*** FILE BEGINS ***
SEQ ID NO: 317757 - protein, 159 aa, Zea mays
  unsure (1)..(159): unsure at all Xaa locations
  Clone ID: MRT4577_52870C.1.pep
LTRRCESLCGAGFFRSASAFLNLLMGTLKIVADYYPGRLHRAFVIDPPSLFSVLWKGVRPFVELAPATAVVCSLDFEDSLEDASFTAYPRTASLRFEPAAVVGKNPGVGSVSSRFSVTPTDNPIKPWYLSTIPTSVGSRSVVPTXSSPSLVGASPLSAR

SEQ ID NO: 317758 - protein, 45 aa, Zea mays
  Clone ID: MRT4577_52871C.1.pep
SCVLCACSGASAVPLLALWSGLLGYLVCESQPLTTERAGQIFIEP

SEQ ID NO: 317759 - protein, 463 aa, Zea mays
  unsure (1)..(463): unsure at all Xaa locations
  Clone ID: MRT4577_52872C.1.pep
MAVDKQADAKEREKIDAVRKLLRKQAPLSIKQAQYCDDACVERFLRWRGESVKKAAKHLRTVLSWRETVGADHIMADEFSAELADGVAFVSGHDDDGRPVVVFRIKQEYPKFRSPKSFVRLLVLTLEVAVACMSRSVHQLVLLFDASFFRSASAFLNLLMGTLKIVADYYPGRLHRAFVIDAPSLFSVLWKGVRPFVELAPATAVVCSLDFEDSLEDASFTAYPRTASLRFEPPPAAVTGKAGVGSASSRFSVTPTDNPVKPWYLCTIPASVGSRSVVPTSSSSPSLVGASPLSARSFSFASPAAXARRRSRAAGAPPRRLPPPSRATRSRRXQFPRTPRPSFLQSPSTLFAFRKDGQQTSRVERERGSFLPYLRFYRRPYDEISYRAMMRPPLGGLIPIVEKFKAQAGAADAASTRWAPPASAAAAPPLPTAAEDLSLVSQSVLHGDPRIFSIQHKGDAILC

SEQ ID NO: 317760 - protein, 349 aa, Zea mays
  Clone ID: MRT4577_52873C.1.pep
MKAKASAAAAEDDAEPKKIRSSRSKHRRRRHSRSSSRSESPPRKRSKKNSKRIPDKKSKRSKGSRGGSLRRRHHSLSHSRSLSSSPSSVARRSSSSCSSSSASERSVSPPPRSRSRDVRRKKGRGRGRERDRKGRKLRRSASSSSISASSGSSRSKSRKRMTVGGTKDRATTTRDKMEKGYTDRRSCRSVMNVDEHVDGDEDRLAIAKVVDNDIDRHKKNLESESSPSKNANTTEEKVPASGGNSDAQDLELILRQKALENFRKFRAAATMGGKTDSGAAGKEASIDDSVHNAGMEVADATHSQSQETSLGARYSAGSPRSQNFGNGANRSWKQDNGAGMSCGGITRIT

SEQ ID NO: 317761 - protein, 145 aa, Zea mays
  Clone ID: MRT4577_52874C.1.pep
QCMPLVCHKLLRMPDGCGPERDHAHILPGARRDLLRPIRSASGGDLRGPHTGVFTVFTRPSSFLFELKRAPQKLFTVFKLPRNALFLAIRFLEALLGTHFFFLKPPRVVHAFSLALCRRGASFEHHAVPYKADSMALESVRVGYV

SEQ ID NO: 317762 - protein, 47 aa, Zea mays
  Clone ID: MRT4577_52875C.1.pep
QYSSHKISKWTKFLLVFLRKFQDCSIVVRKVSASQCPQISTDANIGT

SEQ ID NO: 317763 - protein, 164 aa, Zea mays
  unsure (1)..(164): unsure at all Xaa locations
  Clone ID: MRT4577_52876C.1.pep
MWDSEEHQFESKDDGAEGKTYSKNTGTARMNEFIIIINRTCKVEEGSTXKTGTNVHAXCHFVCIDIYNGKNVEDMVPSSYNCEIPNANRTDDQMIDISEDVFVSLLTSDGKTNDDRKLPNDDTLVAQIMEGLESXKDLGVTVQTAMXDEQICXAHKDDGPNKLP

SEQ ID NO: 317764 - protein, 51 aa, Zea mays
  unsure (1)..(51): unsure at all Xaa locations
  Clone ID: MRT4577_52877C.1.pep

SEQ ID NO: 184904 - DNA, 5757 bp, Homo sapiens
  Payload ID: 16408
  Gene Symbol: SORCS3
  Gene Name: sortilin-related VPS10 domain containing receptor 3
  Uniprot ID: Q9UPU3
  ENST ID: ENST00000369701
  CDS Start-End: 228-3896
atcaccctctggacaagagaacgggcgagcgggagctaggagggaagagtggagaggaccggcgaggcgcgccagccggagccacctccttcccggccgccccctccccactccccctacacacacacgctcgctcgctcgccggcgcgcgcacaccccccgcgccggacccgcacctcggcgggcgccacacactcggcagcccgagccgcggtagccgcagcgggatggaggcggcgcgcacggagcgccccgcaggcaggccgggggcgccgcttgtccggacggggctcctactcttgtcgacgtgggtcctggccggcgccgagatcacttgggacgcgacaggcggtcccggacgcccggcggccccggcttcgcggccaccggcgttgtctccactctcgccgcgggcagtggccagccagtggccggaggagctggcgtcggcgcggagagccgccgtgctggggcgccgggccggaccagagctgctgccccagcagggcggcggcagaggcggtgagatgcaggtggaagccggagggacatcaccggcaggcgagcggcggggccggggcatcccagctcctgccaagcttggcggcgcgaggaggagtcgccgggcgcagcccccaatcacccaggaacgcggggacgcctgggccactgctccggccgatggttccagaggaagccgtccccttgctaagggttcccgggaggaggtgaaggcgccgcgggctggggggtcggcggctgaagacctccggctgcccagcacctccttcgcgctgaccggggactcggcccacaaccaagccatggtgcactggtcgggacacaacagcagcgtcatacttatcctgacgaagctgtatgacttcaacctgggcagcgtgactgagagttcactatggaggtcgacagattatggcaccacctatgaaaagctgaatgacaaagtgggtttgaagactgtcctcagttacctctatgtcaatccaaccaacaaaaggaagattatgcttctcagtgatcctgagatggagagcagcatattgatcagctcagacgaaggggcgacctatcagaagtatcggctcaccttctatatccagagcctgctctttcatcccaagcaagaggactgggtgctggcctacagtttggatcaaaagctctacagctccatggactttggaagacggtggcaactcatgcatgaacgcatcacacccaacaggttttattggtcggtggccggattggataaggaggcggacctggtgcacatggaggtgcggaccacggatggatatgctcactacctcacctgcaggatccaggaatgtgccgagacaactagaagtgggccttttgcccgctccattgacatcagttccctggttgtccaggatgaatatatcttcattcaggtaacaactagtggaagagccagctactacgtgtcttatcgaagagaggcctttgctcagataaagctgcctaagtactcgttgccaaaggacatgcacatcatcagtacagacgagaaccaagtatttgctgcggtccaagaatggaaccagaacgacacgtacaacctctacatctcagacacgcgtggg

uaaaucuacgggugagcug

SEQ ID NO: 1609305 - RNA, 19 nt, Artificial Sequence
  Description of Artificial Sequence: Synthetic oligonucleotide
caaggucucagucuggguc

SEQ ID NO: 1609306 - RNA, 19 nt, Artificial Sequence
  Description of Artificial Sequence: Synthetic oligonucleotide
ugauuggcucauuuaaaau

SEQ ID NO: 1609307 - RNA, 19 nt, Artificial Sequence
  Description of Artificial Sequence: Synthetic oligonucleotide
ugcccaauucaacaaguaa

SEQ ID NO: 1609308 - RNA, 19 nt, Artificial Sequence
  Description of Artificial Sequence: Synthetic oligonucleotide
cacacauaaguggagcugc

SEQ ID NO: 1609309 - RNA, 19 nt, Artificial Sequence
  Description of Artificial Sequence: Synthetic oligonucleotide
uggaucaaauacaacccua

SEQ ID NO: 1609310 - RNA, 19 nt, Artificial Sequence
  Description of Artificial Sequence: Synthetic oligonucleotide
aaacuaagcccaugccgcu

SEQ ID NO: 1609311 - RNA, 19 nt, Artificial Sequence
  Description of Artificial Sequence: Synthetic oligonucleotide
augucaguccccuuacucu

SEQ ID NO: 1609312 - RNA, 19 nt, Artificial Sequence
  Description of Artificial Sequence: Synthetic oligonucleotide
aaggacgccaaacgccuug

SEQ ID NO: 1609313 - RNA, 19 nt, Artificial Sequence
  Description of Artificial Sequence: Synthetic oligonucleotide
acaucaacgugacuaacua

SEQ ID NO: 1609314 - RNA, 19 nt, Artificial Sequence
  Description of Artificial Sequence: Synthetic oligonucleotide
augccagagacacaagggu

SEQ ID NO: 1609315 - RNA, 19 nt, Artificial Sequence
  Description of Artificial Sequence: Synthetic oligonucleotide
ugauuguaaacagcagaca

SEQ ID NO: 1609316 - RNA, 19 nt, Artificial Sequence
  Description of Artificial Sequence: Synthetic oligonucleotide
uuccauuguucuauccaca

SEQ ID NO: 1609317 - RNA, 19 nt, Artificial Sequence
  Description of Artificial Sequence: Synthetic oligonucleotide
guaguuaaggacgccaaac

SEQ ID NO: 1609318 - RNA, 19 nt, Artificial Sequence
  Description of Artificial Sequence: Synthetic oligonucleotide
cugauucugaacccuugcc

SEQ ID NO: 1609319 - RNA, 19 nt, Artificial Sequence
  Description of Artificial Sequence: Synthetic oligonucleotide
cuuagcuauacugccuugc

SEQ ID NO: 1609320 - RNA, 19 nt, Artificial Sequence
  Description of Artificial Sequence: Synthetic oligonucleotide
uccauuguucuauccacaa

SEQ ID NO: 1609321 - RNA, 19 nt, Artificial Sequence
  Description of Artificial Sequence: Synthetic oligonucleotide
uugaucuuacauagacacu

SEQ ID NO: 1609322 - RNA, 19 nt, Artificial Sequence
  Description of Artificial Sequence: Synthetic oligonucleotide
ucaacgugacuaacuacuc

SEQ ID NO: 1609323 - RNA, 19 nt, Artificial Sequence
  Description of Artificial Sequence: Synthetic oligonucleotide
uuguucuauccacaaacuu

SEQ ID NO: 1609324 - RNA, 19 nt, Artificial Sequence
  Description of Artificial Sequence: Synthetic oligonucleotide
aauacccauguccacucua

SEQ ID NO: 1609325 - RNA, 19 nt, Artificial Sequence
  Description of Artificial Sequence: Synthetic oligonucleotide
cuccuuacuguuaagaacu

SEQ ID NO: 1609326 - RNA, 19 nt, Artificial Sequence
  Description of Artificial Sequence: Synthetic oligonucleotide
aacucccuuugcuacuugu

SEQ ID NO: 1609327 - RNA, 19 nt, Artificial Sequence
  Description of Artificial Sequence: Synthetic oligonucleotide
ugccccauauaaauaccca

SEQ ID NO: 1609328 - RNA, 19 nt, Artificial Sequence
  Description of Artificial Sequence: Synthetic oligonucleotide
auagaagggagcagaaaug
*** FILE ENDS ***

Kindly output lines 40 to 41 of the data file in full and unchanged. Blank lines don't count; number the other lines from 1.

SEQ ID NO: 1609306 - RNA, 19 nt, Artificial Sequence
  Description of Artificial Sequence: Synthetic oligonucleotide